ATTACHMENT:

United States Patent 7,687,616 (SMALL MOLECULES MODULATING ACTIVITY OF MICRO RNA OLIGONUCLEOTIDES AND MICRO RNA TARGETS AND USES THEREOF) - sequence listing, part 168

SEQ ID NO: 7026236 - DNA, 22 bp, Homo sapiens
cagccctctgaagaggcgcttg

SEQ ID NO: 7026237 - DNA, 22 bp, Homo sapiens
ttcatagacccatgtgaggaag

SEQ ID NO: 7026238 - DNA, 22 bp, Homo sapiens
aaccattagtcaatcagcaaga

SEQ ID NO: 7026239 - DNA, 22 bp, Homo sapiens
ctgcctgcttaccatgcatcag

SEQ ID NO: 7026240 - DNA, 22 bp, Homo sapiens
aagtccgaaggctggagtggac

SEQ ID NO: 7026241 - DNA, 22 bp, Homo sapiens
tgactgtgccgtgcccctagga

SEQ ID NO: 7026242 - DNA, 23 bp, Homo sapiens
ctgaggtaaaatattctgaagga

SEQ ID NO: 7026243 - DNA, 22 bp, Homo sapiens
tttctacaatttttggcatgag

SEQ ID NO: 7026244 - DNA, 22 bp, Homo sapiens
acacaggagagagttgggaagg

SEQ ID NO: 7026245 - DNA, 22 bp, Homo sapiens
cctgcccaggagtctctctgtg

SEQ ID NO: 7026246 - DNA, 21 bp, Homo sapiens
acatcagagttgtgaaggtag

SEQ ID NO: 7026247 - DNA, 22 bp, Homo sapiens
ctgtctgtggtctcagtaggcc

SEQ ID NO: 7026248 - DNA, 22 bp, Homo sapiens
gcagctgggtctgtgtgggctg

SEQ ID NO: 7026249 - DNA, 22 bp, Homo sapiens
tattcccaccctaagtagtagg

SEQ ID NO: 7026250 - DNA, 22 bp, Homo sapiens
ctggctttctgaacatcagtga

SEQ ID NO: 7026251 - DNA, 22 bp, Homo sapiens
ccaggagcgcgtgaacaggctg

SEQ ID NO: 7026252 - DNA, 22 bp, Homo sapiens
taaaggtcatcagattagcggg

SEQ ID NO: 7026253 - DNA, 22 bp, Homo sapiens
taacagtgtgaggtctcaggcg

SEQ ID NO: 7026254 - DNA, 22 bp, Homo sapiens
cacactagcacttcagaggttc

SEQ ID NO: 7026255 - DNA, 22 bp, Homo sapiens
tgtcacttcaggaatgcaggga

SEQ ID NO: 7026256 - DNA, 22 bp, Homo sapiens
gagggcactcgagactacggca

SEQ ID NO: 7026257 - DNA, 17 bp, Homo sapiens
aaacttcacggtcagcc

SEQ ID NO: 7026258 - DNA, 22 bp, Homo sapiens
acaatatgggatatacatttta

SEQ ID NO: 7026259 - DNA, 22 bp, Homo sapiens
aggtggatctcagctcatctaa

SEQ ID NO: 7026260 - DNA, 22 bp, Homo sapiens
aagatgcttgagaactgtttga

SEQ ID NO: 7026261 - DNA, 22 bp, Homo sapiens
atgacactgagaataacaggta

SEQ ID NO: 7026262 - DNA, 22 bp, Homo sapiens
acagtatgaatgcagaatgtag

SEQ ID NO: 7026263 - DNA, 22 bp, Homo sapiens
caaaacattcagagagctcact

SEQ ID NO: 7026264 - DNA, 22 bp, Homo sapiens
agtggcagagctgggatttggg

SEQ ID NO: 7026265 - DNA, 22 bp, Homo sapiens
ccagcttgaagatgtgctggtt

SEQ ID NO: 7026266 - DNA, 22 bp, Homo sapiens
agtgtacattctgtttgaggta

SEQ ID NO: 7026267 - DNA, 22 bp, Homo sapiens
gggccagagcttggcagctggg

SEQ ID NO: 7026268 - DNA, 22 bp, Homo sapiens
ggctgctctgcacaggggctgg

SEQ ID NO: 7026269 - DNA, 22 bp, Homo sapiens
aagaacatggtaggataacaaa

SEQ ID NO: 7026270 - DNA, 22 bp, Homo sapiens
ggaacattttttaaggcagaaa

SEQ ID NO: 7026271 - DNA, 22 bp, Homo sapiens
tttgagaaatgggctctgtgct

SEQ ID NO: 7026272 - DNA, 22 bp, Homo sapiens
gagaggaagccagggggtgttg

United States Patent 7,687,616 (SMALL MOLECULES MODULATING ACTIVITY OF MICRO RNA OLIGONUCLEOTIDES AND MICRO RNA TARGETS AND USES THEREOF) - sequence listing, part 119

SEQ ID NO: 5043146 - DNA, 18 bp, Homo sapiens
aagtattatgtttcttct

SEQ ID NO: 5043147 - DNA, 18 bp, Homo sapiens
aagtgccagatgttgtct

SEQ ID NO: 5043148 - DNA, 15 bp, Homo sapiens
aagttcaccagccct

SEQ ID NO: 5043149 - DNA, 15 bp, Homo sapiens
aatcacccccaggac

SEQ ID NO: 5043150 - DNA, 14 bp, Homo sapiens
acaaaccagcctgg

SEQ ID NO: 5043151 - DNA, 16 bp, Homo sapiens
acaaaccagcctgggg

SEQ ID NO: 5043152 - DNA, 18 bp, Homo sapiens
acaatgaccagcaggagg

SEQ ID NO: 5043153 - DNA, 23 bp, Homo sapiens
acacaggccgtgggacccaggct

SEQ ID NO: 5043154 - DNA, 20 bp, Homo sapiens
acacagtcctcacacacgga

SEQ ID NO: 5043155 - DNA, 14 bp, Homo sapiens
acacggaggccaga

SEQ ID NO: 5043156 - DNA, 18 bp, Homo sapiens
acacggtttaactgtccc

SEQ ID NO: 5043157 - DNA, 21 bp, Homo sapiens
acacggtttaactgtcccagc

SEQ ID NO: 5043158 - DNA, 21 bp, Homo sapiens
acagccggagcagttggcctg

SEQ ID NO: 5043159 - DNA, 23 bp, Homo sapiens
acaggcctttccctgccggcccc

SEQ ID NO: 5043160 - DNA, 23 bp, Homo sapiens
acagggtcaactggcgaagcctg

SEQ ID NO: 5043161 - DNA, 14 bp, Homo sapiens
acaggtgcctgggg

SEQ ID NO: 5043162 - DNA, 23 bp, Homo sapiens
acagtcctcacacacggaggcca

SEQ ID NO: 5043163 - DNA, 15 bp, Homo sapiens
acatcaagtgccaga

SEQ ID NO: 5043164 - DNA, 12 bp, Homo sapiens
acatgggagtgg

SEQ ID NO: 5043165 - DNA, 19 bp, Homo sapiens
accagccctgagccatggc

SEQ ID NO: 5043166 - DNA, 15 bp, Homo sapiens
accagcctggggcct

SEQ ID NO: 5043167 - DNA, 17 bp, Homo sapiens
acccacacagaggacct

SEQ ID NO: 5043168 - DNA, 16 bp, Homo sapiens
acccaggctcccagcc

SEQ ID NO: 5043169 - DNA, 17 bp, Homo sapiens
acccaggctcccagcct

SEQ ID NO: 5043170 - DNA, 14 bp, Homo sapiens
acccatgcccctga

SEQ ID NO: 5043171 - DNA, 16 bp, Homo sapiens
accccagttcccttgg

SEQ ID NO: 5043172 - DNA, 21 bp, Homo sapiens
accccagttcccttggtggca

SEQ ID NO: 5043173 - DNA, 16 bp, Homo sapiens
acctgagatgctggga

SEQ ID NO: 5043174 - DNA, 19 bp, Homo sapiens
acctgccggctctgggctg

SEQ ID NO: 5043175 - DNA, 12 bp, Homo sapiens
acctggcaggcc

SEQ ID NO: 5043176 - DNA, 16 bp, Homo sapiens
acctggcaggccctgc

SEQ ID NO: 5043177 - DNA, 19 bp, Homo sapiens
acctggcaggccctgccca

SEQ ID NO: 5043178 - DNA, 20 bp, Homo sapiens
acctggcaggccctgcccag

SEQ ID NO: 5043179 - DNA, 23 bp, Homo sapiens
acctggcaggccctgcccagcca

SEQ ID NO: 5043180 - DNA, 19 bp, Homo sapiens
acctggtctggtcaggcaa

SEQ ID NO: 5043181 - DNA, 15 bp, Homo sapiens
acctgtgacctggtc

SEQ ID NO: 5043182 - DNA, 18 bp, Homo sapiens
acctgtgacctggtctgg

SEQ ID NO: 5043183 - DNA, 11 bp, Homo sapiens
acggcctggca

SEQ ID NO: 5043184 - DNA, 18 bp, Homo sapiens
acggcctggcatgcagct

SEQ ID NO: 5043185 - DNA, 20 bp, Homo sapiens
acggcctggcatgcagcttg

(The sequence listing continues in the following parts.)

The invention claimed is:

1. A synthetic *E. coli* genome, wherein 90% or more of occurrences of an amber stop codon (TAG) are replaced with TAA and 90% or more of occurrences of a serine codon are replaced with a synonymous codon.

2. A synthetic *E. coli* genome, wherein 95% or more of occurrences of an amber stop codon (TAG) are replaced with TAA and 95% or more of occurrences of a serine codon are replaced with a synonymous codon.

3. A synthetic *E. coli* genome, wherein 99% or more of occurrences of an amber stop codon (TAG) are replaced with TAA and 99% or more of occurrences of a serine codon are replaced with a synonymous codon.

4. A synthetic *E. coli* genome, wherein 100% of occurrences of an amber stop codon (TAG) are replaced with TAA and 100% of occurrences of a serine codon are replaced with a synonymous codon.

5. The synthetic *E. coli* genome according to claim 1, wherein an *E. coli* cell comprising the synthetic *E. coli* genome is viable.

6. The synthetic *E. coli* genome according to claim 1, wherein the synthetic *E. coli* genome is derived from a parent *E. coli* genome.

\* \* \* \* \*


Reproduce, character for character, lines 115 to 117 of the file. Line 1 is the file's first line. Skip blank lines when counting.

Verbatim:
SEQ ID NO: 5043165 - DNA, 19 bp, Homo sapiens
accagccctgagccatggc

SEQ ID NO: 5043166 - DNA, 15 bp, Homo sapiens